tree and park bench icon

1 million

Number of ash trees in yards, parks and streets throughout Hennepin County

emerald ash borer icon

100 percent

Number of ash trees that are susceptible to emerald ash borer and will die unless treated

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15 miles

Most residents live within 15 miles of an infested ash tree.

View interactive map of infested ash tree locations

Trees provide many benefits

  • Protect air and water
  • Shade homes and help to conserve energy
  • Provide habitat
  • Cool our streets and cities
  • Make our communities healthier
  • Reduce stress levels


There are several varieties of ash trees in Hennepin County – green, white and black – and all are susceptible to emerald ash borer.

Look for the following characteristics to determine if your tree is an ash tree:

ash tree branches

Branches grow directly opposite from one another.

ash tree leaves

Compound leaves, or multiple leaves on one stalk joined to a branch. Leaves commonly have 5 to 9 leaflets.

ash tree bark

Bark with diamond-shaped pattern.

ash tree seeds

Seeds are oar-shaped samaras that typically hang in clusters.


Treatment with an insecticide is an option to preserve ash trees of high value.

arborist treating an ash tree

What you need to know

  • A healthy, mature ash tree may be worth saving. The tree should be at least 30 inches in circumference (or 10 inches in diameter) at chest height and of value to the property owner.
  • Ash trees within five miles of emerald ash borer infestation should be treated.
  • Preservation treatments must be administered by a certified arborist every two years in late spring. Cost is typically $100 to $200 per tree but varies depending on the tree's size.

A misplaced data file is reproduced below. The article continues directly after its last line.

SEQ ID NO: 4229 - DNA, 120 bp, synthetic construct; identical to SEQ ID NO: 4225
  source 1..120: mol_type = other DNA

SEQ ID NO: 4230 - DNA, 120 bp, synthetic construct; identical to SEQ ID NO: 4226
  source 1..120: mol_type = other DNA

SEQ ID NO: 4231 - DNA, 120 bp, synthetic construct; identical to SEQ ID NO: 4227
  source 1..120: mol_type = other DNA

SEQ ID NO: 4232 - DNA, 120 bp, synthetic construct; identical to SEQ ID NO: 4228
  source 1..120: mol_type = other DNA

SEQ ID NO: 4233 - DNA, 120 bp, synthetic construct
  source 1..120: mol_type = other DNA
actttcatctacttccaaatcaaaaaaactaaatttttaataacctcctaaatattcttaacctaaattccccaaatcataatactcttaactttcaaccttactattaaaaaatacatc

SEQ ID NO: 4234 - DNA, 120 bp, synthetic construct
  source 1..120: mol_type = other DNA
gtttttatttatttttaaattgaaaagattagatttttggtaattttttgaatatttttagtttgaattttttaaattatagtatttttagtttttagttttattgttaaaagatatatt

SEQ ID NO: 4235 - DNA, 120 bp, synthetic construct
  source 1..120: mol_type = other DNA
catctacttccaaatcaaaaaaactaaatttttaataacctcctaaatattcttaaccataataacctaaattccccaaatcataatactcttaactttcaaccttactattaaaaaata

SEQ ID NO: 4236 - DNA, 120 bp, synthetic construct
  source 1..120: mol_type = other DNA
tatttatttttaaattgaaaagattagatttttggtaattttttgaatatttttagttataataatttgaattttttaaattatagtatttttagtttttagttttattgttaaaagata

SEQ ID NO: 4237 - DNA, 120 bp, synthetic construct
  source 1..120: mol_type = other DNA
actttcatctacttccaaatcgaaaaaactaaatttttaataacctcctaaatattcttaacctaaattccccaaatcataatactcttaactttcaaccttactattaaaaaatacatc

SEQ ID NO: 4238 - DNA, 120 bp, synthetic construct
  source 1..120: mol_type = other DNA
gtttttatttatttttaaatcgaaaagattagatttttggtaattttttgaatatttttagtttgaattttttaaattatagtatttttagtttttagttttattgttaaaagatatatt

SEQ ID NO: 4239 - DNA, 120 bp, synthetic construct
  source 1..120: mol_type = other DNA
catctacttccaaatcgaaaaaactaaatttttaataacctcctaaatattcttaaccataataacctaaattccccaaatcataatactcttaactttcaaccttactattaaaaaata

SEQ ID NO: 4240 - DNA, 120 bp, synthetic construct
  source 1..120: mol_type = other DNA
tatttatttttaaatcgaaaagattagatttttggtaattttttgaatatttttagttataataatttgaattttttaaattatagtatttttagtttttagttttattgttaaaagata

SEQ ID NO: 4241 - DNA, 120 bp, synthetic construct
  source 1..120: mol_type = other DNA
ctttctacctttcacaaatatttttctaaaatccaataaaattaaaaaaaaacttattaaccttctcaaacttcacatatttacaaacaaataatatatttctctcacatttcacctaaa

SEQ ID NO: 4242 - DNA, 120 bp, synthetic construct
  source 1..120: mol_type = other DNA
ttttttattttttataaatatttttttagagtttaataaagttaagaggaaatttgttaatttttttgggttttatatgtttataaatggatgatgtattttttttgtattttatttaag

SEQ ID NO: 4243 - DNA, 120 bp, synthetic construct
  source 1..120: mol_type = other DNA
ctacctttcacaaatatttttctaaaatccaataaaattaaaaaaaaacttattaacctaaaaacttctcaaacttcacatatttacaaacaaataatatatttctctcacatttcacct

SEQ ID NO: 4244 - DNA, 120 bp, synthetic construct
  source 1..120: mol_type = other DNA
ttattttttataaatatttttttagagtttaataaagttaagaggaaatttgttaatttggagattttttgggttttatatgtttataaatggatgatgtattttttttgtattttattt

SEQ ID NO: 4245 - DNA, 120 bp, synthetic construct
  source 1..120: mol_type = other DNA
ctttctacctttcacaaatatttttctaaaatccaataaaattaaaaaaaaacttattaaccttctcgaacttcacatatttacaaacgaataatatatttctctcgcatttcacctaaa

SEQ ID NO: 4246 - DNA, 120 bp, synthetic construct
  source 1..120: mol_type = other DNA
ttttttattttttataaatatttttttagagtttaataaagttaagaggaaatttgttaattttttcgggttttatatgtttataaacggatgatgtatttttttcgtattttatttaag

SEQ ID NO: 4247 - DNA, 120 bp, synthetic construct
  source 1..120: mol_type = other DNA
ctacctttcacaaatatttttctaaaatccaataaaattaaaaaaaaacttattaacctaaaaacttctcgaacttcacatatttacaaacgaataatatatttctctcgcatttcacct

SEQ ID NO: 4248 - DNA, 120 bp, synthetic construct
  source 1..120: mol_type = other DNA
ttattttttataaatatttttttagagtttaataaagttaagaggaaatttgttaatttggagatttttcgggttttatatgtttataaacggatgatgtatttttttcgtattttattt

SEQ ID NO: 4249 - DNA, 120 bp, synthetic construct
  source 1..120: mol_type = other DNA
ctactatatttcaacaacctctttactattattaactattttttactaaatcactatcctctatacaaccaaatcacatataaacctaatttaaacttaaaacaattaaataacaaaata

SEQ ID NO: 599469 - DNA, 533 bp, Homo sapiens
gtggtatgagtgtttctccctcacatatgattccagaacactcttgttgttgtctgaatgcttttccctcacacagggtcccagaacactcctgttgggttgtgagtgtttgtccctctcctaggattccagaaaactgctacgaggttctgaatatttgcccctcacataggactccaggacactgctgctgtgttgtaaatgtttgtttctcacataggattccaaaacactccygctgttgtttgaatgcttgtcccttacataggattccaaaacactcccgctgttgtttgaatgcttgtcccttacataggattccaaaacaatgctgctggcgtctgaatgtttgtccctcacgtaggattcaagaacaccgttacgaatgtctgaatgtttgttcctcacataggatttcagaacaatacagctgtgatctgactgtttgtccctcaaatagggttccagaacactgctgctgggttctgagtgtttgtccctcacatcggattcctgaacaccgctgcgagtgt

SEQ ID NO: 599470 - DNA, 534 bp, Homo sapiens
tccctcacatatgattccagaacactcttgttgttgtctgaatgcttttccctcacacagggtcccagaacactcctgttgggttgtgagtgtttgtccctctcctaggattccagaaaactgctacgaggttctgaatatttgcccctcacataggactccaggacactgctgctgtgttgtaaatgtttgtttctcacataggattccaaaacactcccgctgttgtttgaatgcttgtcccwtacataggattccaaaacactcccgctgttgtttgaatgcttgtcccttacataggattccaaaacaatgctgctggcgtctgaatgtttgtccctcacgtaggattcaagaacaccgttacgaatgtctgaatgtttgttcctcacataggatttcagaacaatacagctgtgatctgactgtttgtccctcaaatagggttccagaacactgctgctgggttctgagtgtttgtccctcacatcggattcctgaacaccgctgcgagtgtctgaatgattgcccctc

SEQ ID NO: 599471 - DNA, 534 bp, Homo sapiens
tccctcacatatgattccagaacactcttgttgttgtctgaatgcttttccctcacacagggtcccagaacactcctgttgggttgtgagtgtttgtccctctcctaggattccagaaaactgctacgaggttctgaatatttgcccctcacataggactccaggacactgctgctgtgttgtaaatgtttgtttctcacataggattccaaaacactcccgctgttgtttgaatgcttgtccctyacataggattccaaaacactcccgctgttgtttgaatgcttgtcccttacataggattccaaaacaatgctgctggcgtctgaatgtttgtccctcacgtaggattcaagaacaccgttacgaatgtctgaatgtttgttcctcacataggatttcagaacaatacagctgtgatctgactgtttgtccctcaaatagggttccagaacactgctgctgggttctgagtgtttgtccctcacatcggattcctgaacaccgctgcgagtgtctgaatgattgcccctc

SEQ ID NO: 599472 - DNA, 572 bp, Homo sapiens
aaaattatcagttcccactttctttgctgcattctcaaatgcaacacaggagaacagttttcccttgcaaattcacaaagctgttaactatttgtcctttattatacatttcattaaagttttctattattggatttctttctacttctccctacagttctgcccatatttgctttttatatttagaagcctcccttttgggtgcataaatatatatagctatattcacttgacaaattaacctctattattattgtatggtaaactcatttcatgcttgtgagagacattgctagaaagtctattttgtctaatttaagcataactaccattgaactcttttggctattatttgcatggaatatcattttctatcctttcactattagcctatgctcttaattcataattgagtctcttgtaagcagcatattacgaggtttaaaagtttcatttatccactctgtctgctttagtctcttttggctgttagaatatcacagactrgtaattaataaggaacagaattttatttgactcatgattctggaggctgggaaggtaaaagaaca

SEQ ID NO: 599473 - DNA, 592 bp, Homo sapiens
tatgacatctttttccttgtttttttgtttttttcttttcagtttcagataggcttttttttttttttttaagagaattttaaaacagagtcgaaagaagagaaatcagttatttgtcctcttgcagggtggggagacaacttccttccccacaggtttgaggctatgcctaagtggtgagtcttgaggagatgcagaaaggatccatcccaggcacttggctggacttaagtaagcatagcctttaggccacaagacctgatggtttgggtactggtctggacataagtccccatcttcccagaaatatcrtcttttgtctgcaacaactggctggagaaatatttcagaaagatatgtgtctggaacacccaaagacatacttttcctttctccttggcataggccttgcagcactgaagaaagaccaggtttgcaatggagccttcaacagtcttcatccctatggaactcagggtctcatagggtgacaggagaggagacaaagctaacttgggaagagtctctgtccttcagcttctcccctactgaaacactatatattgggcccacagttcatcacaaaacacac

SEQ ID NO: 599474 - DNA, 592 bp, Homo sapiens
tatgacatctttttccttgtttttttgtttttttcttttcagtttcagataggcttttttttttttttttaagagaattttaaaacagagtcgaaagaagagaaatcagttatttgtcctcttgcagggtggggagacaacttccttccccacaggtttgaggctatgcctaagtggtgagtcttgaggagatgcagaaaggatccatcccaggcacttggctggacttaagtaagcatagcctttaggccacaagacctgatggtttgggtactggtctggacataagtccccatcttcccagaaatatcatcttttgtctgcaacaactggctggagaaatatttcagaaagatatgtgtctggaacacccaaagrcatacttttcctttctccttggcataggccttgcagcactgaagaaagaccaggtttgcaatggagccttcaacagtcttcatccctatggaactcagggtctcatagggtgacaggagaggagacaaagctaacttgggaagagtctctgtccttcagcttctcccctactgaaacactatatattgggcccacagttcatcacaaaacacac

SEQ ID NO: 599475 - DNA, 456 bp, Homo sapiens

• Hennepin County recommends using a trunk injection of emamectin benzoate (commercial name Tree-age), which is an effective treatment option. It is not a neonicotinoid, which has been shown to negatively impact pollinators.


Any ash tree not being treated will eventually need to be removed and disposed. A dead tree should be removed before it becomes a hazard.

removing an infected ash tree

What you need to know

  • If you decide to proactively remove ash trees, remove them between October 1 and April 30 to avoid the season emerald ash borer is active and in flight.
  • Trees should be removed by a reliable and insured ISA-certified arborist. Find an ISA-certified arborist near you.
  • To help reduce your individual costs, work with your neighbors to hire a company to remove trees on multiple properties.
  • Dispose ash tree waste at yard waste sites within Hennepin County.


Trees provide numerous benefits including improving air and water quality, reducing soil erosion, increasing wildlife habitat, providing savings in heating and cooling, and improving health. So planting new trees in place of any you remove is a great idea.

replanting a tree

What you need to know

  • Be safe and check for underground utilities before digging in the ground. Call 811.
  • Select a variety of trees that are well-suited to your growing conditions. View a list of recommended tree species or contact your city forester for recommendations.
  • Plant the right tree in the right place to ensure trees will stay healthy and provide maximum benefits. Follow proper planting techniques.
  • Help your new tree survive by ensuring it gets enough water. Young trees need 10 gallons of water each week throughout the growing season.
  • Learn more about proper planting, watering, mulching, and staking in the National Forest Service tree owner’s manual (PDF 9MB).

This resource is part of Hennepin County’s effort to maintain a healthy tree canopy and increase awareness about the threat emerald ash borer poses to ash trees.